When I started this book, I choose to start with why we suffer for this very reason. None of us is Job. I’ve sinned, and so have you. The things we have, every thing that we have, are a gift God has given us, and he has every right to take them away. We certainly didn’t receive it because we deserve it. I don’t deserve my wife and children. I don’t deserve my home. What did I really do to urn it in the eyes of God? When I see these things as a gift, I feel all the more wretched because I realize I could treat them better. I could certainly do a better job maintaining my home.

I think I sometimes pridefully covet my possessions because I truly think they were mine, earned by the sweat of my labor and the work of my hands. But who gave me that work ethic? Who blessed me with these hands? 

When I realize nothing is mine, I appreciate it more (if only slightly).

But does this mean we can’t be sad or pray?

No! In fact, offering our prayers and communing with God is always good and right. 

God even gave us a prayer to offer while suffering in Psalm 102.

Does this mean COVID-19 is a test? For some. Is it a punishment? For some. But I’ve said before, God lets the rain fall on both the wicked and the just (Matthew 5:45). Sometimes, rain is just rain. Job’s error was to question the wisdom and rule of God Himself. What I can promise is that it is for the good of those who love Him (even if they don’t yet or ever see it) and His glory.

Heaven is the ultimate reward. It is such a reward that no amount of earthly blessings in any extreme will will be worth anything against it. If we keep our faith in God and worship him, no matter the time, season, or circumstance, that reward is waiting for us. But even in this world, if we seek his kingdom and righteousness, our season of pain can be replaced with such wonderful abundance.

Joseph was second only to Pharaoh in Egypt. His people were prosperous and blessed until Joseph was forgotten. Then they fell to an age of slavery and pain. They cried out for God, who delivered them and then (in time) gave them the promised land and a king and kingdom that other nations looked to. This pattern holds today.

I’ve had days where I could go to restaurants and tip every employee $20 without so much as feeling the financial impact. I’ve had years where I lived in a small studio, afraid for my life and hungry for something other than a microwave stew and piece of bread. I’ve been alone and isolated. Now I’m almost always near someone who loves me and wants to be with me.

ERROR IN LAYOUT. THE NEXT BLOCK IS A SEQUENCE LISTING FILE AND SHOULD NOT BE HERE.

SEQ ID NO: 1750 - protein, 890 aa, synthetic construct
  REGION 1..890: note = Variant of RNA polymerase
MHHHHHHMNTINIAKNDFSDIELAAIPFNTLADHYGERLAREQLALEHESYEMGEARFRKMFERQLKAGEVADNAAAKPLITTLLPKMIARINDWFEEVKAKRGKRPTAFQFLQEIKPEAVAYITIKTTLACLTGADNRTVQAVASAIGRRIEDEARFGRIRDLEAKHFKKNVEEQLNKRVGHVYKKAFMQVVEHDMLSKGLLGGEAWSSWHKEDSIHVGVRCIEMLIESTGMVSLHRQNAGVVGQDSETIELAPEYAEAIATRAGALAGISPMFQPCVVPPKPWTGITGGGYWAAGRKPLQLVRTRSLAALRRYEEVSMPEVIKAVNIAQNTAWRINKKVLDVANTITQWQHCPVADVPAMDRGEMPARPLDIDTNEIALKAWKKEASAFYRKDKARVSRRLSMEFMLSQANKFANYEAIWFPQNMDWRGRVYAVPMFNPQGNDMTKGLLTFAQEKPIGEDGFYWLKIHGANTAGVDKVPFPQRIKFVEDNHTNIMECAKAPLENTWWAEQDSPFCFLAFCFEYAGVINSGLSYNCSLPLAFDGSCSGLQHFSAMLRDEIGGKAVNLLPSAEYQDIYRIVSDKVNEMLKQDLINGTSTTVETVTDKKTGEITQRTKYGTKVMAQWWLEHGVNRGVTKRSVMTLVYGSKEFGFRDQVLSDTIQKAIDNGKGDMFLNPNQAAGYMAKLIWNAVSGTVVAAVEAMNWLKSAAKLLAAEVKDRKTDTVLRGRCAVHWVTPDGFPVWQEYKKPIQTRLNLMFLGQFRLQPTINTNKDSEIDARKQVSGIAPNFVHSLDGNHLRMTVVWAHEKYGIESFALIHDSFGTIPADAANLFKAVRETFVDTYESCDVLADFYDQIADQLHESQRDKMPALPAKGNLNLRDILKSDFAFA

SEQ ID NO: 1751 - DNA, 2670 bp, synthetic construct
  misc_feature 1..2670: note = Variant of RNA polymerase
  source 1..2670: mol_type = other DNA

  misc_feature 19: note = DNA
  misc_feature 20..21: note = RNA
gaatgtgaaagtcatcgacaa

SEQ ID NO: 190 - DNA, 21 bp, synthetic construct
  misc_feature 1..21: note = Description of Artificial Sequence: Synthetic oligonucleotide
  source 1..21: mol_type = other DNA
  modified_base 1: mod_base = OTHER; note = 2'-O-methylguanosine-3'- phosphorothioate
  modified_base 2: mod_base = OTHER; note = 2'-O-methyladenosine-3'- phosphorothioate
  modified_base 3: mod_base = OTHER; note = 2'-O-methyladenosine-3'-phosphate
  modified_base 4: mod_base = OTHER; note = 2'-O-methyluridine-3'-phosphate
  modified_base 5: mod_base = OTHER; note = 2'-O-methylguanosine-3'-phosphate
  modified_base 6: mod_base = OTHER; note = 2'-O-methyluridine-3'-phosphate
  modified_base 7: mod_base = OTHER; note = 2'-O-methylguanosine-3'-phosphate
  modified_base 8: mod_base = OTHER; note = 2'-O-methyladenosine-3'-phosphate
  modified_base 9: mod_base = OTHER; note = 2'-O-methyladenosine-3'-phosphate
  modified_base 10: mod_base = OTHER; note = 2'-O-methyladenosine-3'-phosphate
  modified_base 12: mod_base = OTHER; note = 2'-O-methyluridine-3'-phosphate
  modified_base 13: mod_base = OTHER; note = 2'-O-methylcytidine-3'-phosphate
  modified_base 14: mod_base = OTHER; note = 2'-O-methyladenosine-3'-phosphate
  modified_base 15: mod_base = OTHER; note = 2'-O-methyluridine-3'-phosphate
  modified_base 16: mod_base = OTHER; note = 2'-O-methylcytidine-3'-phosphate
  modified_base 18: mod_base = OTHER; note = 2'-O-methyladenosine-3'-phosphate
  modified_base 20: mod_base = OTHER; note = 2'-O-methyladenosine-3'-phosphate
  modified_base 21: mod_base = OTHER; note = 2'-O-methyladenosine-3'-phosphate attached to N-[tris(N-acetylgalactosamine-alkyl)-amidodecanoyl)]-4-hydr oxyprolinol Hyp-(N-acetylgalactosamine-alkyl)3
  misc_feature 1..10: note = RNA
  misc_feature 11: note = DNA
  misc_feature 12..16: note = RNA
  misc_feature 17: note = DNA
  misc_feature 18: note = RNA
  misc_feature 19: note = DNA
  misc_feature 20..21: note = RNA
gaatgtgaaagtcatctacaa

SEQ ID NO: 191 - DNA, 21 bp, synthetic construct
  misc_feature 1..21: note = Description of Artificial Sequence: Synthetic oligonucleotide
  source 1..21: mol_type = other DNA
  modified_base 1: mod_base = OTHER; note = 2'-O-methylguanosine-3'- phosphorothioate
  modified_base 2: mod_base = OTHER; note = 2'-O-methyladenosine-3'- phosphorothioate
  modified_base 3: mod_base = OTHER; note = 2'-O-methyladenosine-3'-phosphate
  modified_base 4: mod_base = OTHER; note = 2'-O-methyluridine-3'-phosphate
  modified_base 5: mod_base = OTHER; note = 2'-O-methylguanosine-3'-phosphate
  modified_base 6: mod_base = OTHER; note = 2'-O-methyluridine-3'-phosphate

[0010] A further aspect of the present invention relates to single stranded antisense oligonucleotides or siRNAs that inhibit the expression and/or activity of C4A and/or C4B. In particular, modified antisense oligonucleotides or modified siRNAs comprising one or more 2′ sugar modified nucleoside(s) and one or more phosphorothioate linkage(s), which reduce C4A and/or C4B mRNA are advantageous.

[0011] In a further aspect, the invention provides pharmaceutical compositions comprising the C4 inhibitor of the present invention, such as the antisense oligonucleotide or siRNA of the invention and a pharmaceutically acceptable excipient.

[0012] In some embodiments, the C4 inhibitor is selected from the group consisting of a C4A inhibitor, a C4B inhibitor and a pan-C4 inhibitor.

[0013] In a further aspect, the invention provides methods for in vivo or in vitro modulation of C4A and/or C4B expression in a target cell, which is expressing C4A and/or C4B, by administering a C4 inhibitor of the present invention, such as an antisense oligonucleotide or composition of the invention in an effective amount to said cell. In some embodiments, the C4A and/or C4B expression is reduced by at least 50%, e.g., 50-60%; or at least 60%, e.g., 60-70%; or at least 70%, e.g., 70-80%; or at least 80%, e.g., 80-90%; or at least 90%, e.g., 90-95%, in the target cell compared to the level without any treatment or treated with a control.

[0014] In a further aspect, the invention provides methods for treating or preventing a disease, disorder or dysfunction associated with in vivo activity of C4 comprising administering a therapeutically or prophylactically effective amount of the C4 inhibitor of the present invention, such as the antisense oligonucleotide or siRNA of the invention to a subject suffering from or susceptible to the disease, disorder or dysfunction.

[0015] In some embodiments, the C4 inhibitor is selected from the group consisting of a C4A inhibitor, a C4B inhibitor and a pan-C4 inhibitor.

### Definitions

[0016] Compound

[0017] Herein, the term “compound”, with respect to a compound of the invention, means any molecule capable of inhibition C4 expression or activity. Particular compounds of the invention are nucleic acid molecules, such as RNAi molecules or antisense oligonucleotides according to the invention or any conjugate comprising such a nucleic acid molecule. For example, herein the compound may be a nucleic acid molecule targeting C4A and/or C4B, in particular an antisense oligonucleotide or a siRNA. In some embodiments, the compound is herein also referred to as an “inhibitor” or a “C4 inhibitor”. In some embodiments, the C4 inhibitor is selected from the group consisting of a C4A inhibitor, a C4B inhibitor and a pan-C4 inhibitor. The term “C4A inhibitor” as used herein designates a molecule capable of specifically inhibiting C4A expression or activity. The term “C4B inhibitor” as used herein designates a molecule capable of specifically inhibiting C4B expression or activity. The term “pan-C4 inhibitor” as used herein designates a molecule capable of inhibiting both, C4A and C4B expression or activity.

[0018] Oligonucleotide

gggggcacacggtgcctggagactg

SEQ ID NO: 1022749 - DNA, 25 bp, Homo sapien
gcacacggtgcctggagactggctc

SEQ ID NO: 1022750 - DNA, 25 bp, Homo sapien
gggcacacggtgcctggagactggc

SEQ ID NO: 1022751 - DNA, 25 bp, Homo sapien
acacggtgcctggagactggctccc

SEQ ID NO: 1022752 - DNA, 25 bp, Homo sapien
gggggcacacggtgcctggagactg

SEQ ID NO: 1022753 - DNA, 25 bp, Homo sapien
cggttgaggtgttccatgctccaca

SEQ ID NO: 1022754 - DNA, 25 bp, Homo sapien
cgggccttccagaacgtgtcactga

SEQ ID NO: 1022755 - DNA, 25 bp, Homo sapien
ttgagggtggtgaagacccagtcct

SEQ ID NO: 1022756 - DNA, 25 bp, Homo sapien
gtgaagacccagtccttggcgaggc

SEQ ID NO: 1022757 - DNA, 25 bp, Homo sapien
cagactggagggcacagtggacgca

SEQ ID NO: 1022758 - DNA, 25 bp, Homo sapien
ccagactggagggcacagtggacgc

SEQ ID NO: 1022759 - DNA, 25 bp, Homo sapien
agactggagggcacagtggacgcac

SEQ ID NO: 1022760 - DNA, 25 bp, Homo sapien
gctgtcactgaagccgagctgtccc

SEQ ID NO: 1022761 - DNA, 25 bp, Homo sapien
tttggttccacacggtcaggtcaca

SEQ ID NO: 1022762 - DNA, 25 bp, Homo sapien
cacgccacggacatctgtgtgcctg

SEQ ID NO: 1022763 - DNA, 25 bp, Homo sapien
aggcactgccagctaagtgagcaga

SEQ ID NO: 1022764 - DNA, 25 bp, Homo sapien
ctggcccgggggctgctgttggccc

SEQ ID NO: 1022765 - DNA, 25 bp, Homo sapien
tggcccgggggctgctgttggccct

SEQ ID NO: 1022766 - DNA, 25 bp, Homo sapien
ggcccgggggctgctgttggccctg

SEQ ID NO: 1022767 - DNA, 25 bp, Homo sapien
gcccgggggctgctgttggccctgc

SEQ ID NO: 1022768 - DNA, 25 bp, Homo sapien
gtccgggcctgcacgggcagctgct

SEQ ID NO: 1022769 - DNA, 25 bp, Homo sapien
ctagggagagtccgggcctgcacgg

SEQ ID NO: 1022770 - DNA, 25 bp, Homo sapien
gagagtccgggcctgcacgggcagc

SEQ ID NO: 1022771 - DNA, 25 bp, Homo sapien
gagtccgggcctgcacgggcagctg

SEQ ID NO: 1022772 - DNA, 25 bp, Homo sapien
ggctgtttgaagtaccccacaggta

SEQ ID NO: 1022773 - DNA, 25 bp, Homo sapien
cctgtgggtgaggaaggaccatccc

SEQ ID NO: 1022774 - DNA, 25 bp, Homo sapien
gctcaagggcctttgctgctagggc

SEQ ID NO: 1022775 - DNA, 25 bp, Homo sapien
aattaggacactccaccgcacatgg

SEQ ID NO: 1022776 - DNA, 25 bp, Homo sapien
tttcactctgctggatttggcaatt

These seasons are seasons. They come, and they go. They bring sadness and joy. All of those things are temporary. God is forever. If He is the object of your focus in every season and at every time, it will be well. If he is the object of your worship, you will be blessed.

This isn’t to imply in any way that we can “earn” our blessings. This is hard for me to articulate. We are saved by grace and grace alone. If we say to ourselves, “Oh, well, I guess I ‘better pray’ so that this will all blow over and I’ll get my blessings when it’s done,” our hearts and minds were never on God. We worship the blessing rather than the one who blesses. It’s not, nor has it ever been, a trade system.

However if our love is for him and we find trouble, we can hold fast to that love. We can glorify Him knowing that He always keeps His promises and will deliver us from the troubled times in our life, either by ending that time and restoring us or by calling us to Heaven, where we can live in glory forever.

In my younger days I probably would have wanted some sort of meter or calendar. Suffer for  40 years for every hundred years of blessing. Suffer for one hour for 23 hours of joy. However, such a system would only guarantee things I don’t want any part of, even if it comes with a guarantee of other joys. Think about it. If I said, I’m going to punch you, but then I’ll give you a hug, does that make it worth it when you make it a trade?

But if love rules your heart, if you walk with someone you love, and you walk together, you do so because that love endures. In our earthly flesh we cling to that love through all our sorrows. I clung to my friends and family when my mother died. it helped.

If we multiply that by the infinite love of God, what trial could possibly overwhelm us?  What sadness could possibly cast us down? More amazingly, what joy could possibly cause us to set it aside? What gift could possibly cause you to forget the one who gave it? Let that love be the center of your thoughts.

For our panel: Do you have a Psalm or Lamentation that you consider in times of suffering? What are some ways to glorify God in the midst of suffering? How do we mourn without sinning? How do we balance the joy of a blessed Earthly life (wealth, health, prosperity) with a love for God? How can we pray when our sadness or remorse is greater than it’s ever been?